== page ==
in an XML file it will actually look like this!!!!! YES, I am not lying! The actually will place a new <?xml> tag at the top of each new row in the file instead of wrapping it in a root tag. For the life of me I cannot figure out why they (or Oracle) would
do this, it boggles the mind.
-----------[ XML voter registration packet ]--------
<?xml version="1.0" encoding="UTF-8"?>
<?xml version="1.0" encoding="UTF-8"?>
------------[ end of line ]----------
It sounds pretty nasty. i'm not sure if any of our xml stack will cope with the multiple <?xml tags.
Can you process it in the middle tier maybe?
Use string / regex stuff to pull out the fragments and then process them into some sql friendly strucure ( generate a batch of inserts maybe? ) using an xmlreader over the fragments?
It could get kinda chunky depending upon the filesize, but you could store the data as a string and
Or string.replace("<?xml version=""1.0"" encoding=""UTF-8""?>" & vbCrLf, "")
That is, if you know it is coming from a windows machine. Otherwise, you would need to find out how they do their CRs or just ommit the & vbCrLf since when you read in the xml it doesnt care about white space.
My experience with XSLT is that if you can understand it and it is at least Formatted correctly (tag hierarchy), you can write a declaritive StyleSheet to transform it into just about anything you want. Depending on the complexity, this might not be better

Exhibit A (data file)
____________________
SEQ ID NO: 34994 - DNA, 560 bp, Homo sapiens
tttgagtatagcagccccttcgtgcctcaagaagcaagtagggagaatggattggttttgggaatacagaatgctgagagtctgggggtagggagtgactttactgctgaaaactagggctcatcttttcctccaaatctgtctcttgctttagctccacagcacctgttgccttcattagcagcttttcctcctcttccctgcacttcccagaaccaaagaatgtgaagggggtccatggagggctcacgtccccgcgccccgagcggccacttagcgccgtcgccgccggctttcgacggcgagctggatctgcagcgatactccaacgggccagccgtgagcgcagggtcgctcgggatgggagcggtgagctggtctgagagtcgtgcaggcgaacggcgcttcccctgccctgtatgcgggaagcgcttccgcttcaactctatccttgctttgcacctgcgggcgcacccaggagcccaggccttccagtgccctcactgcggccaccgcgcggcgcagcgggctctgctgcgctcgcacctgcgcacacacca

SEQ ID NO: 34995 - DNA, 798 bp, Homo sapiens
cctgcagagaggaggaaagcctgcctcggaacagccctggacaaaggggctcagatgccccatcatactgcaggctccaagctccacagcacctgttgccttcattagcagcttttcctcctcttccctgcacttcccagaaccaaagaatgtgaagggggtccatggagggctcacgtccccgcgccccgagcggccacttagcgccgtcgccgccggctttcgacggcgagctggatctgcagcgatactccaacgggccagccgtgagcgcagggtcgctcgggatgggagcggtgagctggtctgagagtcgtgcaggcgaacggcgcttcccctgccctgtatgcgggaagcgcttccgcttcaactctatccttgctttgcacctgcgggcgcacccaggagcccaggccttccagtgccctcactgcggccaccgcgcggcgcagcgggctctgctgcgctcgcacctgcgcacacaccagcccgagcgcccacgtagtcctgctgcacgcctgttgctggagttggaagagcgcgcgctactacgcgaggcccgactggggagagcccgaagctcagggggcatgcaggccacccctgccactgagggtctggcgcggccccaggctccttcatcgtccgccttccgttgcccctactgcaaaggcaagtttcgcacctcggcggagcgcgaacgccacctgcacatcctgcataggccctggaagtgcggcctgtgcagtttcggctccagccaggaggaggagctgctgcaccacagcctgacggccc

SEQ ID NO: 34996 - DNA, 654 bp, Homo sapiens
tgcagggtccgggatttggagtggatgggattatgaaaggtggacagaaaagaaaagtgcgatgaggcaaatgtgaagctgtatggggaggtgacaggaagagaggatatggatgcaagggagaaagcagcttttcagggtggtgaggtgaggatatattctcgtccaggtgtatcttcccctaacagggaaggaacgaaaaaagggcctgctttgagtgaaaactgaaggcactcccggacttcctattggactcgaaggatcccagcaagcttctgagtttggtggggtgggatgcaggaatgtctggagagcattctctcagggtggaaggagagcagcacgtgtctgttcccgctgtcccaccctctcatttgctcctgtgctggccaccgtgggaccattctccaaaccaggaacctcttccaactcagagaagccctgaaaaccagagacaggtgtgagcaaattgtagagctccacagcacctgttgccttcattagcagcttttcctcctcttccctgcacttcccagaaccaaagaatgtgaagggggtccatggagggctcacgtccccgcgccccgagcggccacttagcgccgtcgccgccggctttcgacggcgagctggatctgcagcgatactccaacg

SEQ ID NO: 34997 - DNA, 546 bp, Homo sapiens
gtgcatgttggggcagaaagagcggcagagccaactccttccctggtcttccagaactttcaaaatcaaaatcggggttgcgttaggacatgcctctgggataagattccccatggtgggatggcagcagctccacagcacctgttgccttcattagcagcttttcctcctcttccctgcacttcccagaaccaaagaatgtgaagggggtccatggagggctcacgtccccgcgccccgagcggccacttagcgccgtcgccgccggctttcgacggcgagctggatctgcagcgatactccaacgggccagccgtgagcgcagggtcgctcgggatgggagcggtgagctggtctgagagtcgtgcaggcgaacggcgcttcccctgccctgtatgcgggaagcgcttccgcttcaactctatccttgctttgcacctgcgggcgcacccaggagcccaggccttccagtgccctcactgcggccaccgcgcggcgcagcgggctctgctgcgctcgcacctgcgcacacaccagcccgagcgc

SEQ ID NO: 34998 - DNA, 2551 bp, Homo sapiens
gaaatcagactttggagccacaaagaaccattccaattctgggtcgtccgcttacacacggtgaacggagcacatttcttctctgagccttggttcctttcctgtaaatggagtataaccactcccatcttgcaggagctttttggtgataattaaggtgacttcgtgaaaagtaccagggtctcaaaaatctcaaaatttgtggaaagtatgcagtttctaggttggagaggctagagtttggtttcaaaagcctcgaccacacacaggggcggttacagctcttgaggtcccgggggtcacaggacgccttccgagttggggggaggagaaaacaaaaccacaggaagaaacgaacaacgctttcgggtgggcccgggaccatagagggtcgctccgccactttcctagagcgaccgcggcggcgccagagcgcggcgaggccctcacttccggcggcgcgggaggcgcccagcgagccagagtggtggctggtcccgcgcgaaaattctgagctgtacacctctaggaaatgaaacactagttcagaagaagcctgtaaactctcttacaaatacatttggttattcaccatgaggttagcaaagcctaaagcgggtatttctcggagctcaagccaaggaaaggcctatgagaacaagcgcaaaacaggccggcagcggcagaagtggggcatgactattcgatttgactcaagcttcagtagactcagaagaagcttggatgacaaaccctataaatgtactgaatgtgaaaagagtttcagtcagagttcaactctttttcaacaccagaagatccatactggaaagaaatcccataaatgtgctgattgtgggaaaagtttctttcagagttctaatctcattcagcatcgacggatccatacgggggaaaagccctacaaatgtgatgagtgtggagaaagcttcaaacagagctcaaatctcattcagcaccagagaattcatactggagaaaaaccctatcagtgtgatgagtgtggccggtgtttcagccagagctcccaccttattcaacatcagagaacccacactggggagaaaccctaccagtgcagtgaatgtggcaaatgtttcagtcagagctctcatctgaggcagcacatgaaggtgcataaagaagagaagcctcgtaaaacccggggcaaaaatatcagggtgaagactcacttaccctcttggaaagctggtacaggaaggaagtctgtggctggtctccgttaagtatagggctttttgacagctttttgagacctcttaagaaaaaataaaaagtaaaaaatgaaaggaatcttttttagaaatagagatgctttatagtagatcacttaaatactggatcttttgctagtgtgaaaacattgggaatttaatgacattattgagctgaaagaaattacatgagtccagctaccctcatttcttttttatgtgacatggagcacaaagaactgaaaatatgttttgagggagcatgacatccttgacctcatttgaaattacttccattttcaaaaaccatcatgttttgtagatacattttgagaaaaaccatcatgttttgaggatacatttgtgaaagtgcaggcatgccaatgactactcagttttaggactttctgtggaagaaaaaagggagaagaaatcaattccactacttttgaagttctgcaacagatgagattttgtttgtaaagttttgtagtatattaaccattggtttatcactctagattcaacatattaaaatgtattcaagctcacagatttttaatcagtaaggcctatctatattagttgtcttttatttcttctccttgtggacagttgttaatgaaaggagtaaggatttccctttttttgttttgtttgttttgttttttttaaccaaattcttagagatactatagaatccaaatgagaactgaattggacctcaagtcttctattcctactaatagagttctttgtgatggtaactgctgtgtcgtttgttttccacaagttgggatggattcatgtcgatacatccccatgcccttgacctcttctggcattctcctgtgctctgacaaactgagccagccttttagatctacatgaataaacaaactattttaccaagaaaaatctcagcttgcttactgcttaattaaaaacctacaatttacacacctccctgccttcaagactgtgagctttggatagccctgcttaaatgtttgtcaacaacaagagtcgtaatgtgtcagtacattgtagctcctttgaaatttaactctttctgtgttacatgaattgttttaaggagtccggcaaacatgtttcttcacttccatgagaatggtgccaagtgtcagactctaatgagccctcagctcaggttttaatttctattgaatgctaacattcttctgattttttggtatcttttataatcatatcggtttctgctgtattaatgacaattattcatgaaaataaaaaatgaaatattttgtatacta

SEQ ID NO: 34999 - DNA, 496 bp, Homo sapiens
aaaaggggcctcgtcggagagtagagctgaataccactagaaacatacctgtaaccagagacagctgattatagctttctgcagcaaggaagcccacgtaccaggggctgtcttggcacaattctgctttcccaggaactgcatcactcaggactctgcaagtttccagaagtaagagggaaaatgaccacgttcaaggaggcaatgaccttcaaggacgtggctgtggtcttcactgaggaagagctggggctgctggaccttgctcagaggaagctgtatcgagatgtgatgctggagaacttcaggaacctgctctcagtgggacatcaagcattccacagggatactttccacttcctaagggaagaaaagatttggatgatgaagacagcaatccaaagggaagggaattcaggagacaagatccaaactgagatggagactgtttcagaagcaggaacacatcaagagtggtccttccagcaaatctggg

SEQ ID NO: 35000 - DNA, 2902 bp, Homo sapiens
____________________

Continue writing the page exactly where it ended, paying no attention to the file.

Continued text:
than a procedural analysis of the XML.
Of course providing multiple voters as multiple XML blocks is totally stupid, and requires that you write at least SOME procedural code to break it up.
I would suggest creating a format which is your objective (ie. one that will work), and then it should be pretty clear what kind of transformation needs to take place. If it is not complicated, then it should be pretty easy to write an XSLT to take care of
it, especially if you just need to change a couple of tag names.
Regardless, it sounds like you won't be able to get away with directly importing it into SQL Server.
ps. I didn't actually have time to examine the structure of the XML. If you'd like me to make a more specific suggestion, let me know that you are interested in this kind of solution and what kind of changes need to take place.
That's odd. I don't see anything wrong with the XML you posted. Sure 'geo_co' is used twice, but that should be fine. It means the same thing in both cases, simply with a different context. I have little experience dealing with XML in SQL Server, but
I'd have to say that if it can't parse this it is SQL Server's problem...
Actually, I take that back...I could see a problem with importing this directly in that this XML block is really several table joined together and then seperated structurally in the XML. Still...SQL Server should be able to parse this!
Forgive me if this is a dumb idea, but does the state have any published schema for this document -- can you just get the XSD and use that to generate appropriate classes to read the data?
Alternatively, you can try using the XSD.exe tool in the .NET framework to have it guess at a schema (the exact parameter escapes me ATM, but it's there).
Since it looks like you'll need to do some middle-tier processing anyway (to break-up the multiple documents in the stream), can you load up each document into an XPathDocument and parse out the needed info? You could then use your favorite ADO.Net technique
to load the data...